Monday, 29 August 2011

Ideas are such fun!

Well, first I lob into the blogosphere thoughts about the nature of truth and untruth, and then it becomes something outside me, a discussion topic.  As well as the comments on this blog, I had emails, conversations with friends and family. Ideas on the nature of truth in fiction, history, even photography, as well as my original thoughts on memoir, all became part of the story. What fun! (If anyone has no clue what I'm talking about, click here to see what all the fuss is about.)

This is why I like ideas. They come out to play when you least expect it. You can throw them up in the air, see them tossed about and come down in a slightly different shape. They have become something different, reorganised, evolved.

Which is partly why I'm beginning and MA in Creative Writing this September.  Well, only partly.  It's mainly because it's what I feel like doing next.  But I couldn't write that on my personal statement (yes, I had to write a personal statement on my application form.  That was creative writing in the raw).  So I waffled about wanting my writing to improve, to 'get better' - whatever that means.  But basically I know I love it, want to do it, talk about it, think about it - and maybe even have something to show for myself at the end of it.

And yes, I'll be blogging about it.  But not about individuals, nor course grumbles, nor my thoughts on any one else's work.  Rather, it will be my reflections on my own efforts, and whether it is as exciting as I think it will be.  All those ideas to toss around - and who knows what shape my writing will be at the end of it. But that's the excitement, the joy of not-knowing.

And you - what would you do, if you could?  What unlikely course would you study, country you'd visit, remains you would excavate, scientific corner you'd - do whatever people do in scientific corners?  Okay, I know it's often not possible, but surely dreaming is fine.

(And yes, I know I'm self-publishing a book at the same time.  You don't need to remind me.  Thinking is in full spate in the self-publishing department.)

So, I now have student union card, and a bus pass.  Now, which will get me a better deal getting into the cinema . . .

Wednesday, 24 August 2011

Truth and Untruth in Memoir.

Thorny one, this. When you read a memoir, do you assume that every word is 'true?' - and, if you do, do you assume that your truth and the writer's truth are the same thing?

Deep water, this. But, bearing in mind that everyone sees things differently, surely every memoir can only be the writer's recollections. Parents, siblings, friends, may have completely different memories. For instance, I loathed school; I am sure some of my contemporaries quite enjoyed themselves. Both views are equally valid.

But we now know that not all memoir-writers stick to the concept of personal validity, even make things up. For instance, Steinbeck did not spend every night in his green van when he drove round America with Charley; Chatwin may never have made it as far as Patagonia. Does this invalidate their books - both as works of literature, and in relation to their wobbly attention to truth?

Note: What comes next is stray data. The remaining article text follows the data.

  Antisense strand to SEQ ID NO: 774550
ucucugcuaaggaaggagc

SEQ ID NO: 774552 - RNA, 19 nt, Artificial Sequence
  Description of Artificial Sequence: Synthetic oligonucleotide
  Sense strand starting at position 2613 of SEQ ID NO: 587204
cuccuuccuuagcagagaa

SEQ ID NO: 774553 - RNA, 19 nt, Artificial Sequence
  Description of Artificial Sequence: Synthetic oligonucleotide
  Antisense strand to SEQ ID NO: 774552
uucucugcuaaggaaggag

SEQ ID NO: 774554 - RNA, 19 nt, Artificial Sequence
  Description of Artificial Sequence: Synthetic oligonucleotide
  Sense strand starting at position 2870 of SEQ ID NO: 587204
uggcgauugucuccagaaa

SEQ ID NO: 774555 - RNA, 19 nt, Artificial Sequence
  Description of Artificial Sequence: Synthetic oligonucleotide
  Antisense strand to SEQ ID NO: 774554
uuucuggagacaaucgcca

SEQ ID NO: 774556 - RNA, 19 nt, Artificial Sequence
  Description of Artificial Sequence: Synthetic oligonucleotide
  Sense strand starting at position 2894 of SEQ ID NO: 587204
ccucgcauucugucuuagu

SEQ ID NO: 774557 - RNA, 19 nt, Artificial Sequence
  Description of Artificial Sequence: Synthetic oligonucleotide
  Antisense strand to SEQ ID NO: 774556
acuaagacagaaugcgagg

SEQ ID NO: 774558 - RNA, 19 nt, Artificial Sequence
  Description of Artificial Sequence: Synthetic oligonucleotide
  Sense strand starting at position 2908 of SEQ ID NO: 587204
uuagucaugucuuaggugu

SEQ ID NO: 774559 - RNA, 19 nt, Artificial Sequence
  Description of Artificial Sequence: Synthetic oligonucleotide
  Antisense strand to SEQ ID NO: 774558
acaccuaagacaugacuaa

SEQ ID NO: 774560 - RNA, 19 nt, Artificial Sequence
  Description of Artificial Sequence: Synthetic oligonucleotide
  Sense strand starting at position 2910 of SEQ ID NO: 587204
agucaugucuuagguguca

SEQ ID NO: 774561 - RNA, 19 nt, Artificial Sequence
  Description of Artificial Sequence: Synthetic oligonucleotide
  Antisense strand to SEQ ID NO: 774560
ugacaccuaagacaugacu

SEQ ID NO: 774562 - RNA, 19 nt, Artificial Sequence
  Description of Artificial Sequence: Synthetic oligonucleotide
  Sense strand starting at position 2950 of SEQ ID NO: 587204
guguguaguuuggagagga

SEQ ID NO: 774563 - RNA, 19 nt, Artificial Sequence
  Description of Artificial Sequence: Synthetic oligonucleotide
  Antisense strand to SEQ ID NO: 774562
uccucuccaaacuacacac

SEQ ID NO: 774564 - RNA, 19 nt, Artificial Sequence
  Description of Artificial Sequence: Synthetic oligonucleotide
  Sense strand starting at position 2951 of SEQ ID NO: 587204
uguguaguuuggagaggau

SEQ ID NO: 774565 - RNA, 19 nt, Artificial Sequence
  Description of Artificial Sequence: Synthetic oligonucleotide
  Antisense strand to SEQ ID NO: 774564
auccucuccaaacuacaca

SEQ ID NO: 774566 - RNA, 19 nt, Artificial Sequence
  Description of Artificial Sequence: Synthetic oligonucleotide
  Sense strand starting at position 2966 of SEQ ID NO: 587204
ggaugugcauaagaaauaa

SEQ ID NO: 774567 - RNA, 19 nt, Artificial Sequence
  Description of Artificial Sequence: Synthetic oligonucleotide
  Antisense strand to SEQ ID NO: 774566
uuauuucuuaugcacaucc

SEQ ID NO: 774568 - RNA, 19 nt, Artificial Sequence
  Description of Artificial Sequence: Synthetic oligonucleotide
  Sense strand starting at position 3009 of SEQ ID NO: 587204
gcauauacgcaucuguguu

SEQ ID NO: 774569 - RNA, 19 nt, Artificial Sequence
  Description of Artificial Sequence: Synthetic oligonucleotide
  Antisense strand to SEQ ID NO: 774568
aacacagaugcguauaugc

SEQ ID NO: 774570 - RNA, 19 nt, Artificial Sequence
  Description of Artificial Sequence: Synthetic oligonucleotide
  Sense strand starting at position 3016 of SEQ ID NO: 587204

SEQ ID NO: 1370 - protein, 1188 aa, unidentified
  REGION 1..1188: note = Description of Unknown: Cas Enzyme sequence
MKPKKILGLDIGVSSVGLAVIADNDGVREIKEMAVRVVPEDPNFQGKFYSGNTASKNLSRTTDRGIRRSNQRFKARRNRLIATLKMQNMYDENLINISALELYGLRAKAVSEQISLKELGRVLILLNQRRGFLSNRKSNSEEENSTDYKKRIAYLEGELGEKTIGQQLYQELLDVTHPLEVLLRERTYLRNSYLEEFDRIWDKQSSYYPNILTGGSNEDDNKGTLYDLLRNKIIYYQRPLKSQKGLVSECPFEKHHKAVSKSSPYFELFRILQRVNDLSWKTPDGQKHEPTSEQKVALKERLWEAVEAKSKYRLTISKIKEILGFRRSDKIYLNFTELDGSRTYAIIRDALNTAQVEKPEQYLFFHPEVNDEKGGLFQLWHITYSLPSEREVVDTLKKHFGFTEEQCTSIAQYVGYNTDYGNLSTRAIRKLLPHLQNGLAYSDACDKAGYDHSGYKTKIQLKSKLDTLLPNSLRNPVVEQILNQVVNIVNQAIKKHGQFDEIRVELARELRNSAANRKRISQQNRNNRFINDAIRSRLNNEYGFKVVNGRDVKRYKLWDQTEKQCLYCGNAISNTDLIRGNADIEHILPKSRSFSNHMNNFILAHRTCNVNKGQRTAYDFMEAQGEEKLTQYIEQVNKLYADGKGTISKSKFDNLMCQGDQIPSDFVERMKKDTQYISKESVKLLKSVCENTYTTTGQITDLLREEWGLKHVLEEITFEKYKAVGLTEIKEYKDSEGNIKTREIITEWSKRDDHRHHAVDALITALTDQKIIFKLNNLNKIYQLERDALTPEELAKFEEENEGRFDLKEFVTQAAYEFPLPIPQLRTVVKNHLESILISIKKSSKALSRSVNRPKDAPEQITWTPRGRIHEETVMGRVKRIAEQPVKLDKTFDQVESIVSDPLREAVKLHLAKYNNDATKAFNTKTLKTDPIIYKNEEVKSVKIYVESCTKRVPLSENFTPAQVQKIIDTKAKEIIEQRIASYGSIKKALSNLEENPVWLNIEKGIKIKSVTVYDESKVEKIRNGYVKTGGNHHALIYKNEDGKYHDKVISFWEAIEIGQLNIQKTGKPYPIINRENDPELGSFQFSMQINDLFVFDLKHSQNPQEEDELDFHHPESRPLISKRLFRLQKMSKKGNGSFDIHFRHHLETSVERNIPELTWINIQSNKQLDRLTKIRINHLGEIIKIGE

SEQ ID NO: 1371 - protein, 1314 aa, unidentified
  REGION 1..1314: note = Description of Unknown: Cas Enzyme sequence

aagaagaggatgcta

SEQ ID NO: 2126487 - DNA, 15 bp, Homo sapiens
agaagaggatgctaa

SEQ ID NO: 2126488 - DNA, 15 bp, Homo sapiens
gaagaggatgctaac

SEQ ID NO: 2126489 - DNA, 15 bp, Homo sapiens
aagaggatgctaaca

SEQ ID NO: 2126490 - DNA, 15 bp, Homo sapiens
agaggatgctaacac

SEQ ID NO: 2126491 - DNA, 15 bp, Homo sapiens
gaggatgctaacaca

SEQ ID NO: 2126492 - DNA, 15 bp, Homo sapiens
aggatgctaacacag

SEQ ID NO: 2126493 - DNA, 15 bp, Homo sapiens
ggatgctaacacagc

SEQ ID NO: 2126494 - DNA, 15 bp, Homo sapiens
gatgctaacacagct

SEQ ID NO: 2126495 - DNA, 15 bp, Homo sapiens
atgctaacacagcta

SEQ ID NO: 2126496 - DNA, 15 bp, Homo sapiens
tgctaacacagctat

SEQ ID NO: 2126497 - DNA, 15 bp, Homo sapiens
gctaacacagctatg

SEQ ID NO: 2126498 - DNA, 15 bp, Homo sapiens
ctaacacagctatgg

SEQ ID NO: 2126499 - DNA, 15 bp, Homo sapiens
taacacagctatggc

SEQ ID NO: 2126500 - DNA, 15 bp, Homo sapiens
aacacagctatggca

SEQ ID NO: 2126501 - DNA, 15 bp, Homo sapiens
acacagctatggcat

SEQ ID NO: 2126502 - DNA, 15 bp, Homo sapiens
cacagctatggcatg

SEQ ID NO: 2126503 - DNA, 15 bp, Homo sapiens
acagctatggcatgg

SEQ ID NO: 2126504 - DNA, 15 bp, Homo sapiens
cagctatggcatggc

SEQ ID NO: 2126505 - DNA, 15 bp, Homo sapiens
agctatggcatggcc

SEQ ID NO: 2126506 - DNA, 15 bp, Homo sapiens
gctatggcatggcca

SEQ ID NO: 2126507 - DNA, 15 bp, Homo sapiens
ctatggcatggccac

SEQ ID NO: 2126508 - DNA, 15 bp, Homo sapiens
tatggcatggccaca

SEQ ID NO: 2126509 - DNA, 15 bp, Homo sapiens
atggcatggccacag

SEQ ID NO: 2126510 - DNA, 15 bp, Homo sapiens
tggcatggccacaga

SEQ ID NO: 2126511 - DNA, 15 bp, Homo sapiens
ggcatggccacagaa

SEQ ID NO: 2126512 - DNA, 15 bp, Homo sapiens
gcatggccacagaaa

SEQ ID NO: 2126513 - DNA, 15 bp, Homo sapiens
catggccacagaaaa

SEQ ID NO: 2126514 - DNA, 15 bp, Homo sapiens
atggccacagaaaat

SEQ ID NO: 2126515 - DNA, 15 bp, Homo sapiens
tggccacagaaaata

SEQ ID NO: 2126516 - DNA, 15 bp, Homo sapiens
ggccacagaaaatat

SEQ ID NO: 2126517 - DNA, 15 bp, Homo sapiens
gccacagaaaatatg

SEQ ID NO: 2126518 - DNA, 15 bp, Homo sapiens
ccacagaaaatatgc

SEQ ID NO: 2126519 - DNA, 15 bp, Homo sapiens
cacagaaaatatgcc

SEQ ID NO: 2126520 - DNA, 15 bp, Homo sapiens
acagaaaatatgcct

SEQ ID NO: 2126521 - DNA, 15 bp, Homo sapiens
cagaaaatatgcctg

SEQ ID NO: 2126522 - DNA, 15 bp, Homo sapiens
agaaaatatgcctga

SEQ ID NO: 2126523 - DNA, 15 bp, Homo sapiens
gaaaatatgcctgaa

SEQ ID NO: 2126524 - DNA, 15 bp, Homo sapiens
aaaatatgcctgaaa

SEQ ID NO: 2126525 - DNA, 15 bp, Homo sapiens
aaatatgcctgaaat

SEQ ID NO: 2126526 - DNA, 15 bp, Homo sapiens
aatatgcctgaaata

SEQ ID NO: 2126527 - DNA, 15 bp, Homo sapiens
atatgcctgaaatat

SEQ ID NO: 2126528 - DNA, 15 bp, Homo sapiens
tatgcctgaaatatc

And yes, it is relevant to my book. I trotted round the world, and have written about it. And - you'll just have to believe me here - I haven't made anything up. But I have been selective in what I wrote about. For instance, I have not described my rapture at sitting in the Sydney Opera House listening to Rigoletto; rather I concentrated on getting very lost on a beach near Manly. Why? Not because one incident is more or less important than the other, but because it is easy to find images - and youtube snippets - from the Sydney Opera House, and not many of a middle aged woman stuck on a beach with the tide coming in and common sense disappearing over the horizon with its backside on fire.

Every writer makes choices - for the sake of story. And yes, these choices may shape memoir in such a way that the humdrum is drowned and every day is presented as drama. Truth it may be, but can never be the whole truth.  Or can it - do you know of any other memoir writers wrestled with this?

Sunday, 21 August 2011

The great thing about not-knowing.

So - I've taken the self-publishing decision, and have been trawling websites and blogs for advice. In particular, blogs about writing and publishing. And there are plenty of those.

Blogs - many, of course, are wonderful. They offer advice with humour, and often with humility. Written by bloggers willing to share blunders as well as successes. They inform and entertain and I turn to them first and join in with comments. (Others are too didactic for me; bossiness tends to send me to the back of the class, wanting to shout 'prove it.' But that probably says more about me than it does about them.)